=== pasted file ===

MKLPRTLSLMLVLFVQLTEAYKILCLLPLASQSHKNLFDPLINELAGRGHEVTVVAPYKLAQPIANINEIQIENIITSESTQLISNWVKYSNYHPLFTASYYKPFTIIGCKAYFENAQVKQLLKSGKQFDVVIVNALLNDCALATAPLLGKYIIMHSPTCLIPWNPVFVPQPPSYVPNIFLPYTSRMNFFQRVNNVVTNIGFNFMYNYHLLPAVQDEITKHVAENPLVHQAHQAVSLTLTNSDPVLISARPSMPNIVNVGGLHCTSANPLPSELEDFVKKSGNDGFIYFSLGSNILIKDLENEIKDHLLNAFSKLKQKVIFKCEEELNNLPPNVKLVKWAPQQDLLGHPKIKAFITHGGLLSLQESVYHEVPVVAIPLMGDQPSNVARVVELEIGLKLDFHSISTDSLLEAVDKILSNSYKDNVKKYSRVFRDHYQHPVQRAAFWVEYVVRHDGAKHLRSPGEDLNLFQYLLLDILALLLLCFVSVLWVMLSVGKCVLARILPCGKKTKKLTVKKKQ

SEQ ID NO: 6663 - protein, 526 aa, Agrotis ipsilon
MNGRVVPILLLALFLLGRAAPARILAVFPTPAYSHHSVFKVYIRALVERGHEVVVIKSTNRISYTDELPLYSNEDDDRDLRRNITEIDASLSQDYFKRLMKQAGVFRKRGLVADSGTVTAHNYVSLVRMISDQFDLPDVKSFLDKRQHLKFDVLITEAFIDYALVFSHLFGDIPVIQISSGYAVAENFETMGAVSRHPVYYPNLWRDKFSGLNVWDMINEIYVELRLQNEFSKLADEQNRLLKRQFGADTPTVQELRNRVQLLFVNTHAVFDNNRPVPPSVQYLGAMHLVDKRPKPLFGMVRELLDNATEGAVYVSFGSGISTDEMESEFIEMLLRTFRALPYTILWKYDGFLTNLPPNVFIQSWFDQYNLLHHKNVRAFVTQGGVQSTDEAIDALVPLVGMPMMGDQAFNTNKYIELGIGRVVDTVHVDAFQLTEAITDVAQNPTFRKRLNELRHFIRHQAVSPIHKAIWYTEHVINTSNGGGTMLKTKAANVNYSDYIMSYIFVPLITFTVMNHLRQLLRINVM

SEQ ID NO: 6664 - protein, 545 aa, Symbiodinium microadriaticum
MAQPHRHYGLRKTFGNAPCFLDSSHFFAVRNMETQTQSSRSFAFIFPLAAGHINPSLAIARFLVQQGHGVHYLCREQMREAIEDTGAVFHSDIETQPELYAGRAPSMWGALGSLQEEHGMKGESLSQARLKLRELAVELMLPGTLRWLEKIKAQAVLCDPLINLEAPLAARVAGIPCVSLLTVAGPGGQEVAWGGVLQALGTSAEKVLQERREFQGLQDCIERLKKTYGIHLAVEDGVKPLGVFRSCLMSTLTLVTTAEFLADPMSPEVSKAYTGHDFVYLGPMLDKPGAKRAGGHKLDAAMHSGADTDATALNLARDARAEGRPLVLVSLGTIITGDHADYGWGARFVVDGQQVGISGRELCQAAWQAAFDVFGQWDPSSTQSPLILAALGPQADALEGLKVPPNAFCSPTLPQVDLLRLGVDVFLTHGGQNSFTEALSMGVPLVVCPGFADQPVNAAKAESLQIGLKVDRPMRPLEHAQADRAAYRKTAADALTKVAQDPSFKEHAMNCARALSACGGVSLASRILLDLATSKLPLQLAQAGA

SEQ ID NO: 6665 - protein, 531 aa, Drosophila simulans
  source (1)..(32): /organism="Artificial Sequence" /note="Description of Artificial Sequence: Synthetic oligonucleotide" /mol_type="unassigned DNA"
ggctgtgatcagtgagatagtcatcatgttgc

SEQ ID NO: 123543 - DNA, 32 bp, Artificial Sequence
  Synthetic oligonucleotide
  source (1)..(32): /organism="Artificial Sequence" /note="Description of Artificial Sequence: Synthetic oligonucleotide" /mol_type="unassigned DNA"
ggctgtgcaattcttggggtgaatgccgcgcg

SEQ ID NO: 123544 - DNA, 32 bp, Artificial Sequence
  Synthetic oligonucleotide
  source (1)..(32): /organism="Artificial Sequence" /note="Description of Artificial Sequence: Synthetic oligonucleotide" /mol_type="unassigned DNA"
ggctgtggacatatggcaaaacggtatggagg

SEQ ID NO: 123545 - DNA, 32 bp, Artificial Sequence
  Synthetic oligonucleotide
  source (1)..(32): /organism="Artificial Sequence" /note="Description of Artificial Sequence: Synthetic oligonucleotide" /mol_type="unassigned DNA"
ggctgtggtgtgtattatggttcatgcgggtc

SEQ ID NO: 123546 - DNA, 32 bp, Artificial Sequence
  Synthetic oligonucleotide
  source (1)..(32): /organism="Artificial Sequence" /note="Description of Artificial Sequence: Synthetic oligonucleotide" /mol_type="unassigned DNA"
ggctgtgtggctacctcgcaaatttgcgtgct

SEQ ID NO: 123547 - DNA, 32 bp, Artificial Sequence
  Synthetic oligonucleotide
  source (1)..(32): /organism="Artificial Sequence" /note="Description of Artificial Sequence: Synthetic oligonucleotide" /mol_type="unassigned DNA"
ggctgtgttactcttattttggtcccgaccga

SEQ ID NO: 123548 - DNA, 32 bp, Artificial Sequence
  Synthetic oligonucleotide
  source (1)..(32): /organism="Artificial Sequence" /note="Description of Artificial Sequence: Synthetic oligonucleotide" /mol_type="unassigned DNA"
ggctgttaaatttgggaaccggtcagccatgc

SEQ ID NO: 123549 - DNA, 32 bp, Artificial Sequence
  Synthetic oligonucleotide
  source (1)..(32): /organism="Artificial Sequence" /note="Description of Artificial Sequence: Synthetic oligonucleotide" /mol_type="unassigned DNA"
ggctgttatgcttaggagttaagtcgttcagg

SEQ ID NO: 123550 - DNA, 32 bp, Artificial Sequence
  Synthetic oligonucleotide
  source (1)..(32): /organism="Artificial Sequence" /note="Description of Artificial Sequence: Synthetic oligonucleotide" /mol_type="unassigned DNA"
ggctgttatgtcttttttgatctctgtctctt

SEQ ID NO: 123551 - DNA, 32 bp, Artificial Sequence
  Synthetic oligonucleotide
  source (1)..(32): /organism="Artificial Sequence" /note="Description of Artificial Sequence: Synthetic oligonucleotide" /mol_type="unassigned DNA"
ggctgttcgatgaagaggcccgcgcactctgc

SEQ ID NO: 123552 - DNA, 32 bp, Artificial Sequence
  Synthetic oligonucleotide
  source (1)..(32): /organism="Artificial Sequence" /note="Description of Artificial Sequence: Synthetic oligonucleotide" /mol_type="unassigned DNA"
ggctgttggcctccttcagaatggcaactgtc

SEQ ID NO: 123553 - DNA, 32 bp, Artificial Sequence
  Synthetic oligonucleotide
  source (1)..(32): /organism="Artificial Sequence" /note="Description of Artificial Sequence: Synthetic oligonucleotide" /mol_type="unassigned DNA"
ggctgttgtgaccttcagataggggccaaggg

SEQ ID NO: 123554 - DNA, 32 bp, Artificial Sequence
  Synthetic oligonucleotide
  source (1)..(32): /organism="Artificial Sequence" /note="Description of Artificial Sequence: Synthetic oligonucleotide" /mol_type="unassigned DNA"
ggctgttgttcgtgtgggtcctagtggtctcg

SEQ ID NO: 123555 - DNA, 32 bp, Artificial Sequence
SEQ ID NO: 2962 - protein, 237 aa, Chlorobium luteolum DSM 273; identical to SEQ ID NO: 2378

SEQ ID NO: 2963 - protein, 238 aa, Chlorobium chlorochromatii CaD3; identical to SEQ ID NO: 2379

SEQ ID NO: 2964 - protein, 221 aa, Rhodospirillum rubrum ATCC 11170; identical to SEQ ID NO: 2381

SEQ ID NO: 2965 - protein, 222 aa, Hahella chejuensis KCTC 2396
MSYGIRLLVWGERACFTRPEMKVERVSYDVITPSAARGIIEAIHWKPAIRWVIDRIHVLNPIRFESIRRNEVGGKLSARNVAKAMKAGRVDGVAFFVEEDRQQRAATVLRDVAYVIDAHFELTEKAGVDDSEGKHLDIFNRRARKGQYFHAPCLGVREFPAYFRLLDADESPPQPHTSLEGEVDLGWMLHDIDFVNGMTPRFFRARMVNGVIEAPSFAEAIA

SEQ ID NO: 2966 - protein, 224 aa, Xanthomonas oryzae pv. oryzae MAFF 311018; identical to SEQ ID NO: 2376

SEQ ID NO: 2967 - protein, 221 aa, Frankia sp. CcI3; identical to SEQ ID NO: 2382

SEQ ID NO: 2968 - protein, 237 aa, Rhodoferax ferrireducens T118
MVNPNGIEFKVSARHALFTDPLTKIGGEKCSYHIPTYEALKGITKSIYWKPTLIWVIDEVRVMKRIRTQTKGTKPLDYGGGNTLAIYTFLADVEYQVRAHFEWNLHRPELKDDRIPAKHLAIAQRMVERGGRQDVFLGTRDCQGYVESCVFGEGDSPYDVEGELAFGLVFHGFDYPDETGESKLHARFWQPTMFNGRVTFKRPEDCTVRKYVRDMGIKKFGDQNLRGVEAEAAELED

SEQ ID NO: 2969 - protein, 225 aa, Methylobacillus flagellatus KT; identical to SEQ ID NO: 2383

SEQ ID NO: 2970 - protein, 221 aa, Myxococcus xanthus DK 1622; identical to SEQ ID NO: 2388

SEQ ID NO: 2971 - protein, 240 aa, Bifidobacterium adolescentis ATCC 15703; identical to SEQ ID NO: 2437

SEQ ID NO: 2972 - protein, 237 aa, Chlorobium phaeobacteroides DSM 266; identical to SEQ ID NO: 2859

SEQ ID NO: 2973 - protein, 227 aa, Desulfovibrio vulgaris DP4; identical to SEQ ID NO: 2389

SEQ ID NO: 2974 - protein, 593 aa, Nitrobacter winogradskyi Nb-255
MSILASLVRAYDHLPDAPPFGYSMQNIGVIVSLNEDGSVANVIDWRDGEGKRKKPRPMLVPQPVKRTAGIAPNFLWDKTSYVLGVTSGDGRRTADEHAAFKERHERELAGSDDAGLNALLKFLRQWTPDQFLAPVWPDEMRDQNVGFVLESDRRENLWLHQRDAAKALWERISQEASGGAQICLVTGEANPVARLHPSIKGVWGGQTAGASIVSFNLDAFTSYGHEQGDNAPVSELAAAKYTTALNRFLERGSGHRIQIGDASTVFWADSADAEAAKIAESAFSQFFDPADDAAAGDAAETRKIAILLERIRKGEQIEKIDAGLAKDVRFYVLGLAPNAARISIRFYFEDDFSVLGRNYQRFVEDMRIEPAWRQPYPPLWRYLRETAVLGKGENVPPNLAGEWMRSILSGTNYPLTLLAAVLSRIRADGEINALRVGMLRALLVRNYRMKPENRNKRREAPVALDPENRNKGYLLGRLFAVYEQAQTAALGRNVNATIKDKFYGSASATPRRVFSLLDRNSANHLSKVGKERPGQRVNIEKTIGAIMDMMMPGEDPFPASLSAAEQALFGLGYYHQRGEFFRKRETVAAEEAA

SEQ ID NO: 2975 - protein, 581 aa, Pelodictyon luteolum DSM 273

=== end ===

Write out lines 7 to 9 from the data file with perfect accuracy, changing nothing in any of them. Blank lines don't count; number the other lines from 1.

  source (1)..(32): /organism="Artificial Sequence" /note="Description of Artificial Sequence: Synthetic oligonucleotide" /mol_type="unassigned DNA"
ggctgtgatcagtgagatagtcatcatgttgc

SEQ ID NO: 123543 - DNA, 32 bp, Artificial Sequence